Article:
iRel8 partners with groups like veterans and artists to help reduce the stigma of mental illness

For years, the soldier lived in pain from combat injuries in Iraq. His need for painkillers developed into an addiction, which made him feel ashamed, particularly because he was an active-duty member of the elite U.S. Army Special Forces. He shunned treatment, hid his condition from his commander and became so despondent that he considered suicide.

But last year, the soldier began confiding to an anonymous chat group through the mobile app iRel8. Composed of fellow, unnamed Green Berets, the group understood the soldier’s anguish and encouraged him to get help. He’s now seven months sober.

“We convinced him to go to his commander and come clean,” says Ignacio Garza, executive director of the Special Forces Foundation, a Colorado-based nonprofit that supports Special Forces members and their families. The organization connected the soldier with a Green Beret version of iRel8, a digital social network designed for mental wellness.

Veteran suicide prevention and mental health support have become top public health priorities for many military support groups and the U.S. Department of Veterans Affairs. A 2018 study by the agency found that the suicide rate of veterans is 1.5 times higher than that of non-veteran adults, with more than 6,000 veteran suicides a year between 2008 and 2016.

“The No. 1 motto for special operations forces is: ‘Humans are more important than hardware,’” says Garza. “Tools like iRel8 help guys get the help they need, so they can serve at a high level. It gets them to open up. Once they start talking about their problems, they see they’re not alone. They can get past the stigma and get professional help.”

Jeff and Dion stand together at a Microsoft event

iRel8 co-founders Jeff Dorchester, left, and Dion Gonzales. (Photo courtesy of iRel8)

Launched last year, iRel8 connects people in an anonymous, peer-to-peer forum similar in philosophy to in-person recovery groups. The app enables users to access secure chat rooms from their phones to help each other with anxiety, depression and other mental health issues without fear of judgement.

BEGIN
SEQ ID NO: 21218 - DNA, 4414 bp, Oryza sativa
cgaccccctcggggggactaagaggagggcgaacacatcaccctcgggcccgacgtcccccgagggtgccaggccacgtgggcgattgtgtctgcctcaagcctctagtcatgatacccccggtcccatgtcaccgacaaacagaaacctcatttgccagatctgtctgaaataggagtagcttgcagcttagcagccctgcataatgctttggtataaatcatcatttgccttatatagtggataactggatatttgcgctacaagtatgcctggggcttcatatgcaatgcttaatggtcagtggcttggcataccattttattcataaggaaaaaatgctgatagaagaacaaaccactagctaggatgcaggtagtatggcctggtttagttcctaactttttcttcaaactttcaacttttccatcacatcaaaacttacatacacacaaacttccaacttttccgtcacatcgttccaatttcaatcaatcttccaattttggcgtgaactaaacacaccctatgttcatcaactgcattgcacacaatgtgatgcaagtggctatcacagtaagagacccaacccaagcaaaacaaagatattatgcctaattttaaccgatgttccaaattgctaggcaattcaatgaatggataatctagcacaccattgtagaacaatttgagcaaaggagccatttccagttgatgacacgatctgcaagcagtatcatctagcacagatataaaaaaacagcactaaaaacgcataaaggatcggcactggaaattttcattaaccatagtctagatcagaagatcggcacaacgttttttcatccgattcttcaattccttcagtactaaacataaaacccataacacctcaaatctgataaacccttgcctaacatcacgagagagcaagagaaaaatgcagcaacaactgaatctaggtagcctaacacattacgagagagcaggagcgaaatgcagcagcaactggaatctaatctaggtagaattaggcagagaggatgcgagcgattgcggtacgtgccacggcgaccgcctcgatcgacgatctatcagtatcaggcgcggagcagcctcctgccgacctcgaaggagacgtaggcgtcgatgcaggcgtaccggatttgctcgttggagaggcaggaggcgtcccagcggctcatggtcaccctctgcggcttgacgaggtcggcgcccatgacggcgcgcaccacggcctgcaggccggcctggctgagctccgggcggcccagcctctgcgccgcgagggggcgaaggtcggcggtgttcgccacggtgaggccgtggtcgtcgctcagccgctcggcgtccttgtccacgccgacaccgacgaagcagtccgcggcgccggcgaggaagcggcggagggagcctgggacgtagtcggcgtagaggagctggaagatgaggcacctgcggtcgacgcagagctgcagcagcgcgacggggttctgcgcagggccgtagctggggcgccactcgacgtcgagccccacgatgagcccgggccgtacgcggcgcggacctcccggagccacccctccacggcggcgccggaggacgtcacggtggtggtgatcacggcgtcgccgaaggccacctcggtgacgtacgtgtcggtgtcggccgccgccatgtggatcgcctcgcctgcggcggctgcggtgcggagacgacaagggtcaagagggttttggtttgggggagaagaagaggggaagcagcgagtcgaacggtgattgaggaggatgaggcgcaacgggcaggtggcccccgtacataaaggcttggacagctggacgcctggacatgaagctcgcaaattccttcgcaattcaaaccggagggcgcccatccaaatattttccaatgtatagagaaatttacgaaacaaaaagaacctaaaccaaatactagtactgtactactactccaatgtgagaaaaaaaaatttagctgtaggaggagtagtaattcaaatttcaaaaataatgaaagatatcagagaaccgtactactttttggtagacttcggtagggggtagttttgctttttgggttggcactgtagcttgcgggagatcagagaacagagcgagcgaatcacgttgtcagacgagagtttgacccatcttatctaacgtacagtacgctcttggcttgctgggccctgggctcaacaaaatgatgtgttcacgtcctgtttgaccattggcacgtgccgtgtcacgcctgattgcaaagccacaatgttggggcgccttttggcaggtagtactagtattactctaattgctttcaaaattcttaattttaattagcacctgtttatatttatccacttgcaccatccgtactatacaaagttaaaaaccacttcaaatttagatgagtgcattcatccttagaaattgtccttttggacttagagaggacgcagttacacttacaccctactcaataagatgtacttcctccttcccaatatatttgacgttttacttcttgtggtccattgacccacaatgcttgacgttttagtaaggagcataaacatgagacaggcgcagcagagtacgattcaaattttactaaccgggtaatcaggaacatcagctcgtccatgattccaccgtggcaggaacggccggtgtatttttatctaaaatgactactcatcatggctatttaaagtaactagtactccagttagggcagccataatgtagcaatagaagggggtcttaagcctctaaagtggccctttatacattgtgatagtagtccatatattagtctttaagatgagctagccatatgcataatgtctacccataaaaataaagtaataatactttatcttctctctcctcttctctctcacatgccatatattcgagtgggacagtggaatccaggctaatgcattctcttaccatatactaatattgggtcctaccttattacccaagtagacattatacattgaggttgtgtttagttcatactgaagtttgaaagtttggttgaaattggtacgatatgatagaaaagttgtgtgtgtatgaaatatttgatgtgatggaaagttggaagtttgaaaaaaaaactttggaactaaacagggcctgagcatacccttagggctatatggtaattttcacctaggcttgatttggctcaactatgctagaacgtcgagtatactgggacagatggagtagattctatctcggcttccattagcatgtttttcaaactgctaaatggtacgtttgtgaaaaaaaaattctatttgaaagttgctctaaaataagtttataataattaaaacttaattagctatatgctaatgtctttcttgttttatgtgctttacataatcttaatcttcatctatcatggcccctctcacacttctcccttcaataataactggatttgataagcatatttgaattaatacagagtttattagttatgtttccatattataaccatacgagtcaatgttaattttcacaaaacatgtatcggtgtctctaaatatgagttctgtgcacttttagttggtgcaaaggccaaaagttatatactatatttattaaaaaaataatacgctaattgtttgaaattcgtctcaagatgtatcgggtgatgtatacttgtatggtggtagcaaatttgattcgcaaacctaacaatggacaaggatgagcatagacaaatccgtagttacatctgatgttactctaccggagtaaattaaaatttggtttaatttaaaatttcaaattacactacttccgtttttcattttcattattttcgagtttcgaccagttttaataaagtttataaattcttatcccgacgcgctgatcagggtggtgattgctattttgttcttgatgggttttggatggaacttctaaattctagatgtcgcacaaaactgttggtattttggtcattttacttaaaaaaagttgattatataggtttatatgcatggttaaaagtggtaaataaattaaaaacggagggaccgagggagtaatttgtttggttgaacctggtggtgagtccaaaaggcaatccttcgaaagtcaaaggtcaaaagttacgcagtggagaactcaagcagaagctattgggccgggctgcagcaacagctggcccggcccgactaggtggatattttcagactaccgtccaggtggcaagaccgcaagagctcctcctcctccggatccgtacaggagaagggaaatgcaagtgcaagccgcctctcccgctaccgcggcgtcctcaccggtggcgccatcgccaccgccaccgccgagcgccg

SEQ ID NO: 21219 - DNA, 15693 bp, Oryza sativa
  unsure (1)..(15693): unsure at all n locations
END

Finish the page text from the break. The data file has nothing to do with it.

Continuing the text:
Anyone can use iRel8 for a small subscription fee. But the app is largely growing due to partnerships with the Special Forces Foundation and other organizations that provide, or want to provide, mental health support.

iRel8 partners can create a customized, exclusive app experience for their members; they include groups that work with first responders, youths of color, athletes, artists and inmates transitioning out of prison.

Based in the Denver area, Jeff Dorchester and Dion Gonzales co-founded iRel8 after struggling alone with personal and family mental health issues. Dorchester had major depression after a heart condition diagnosis and Gonzales was coping with the suicide attempt of a family member. When the longtime friends and tech collaborators finally confided in one another, they were inspired to create something to help others.

“Jeff and I talk about this a lot: Suicide was one of the reasons we built this app. We believe it will save and improve lives. We also see the need to help people on a global scale,” says Gonzales, citing a World Economic Forum statistic that one in six people have experienced a mental health or substance abuse disorder. In the United States, suicide is the 10th leading cause of death and the second leading cause of death among people 10 to 34 years old, according to the National Institute of Mental Health.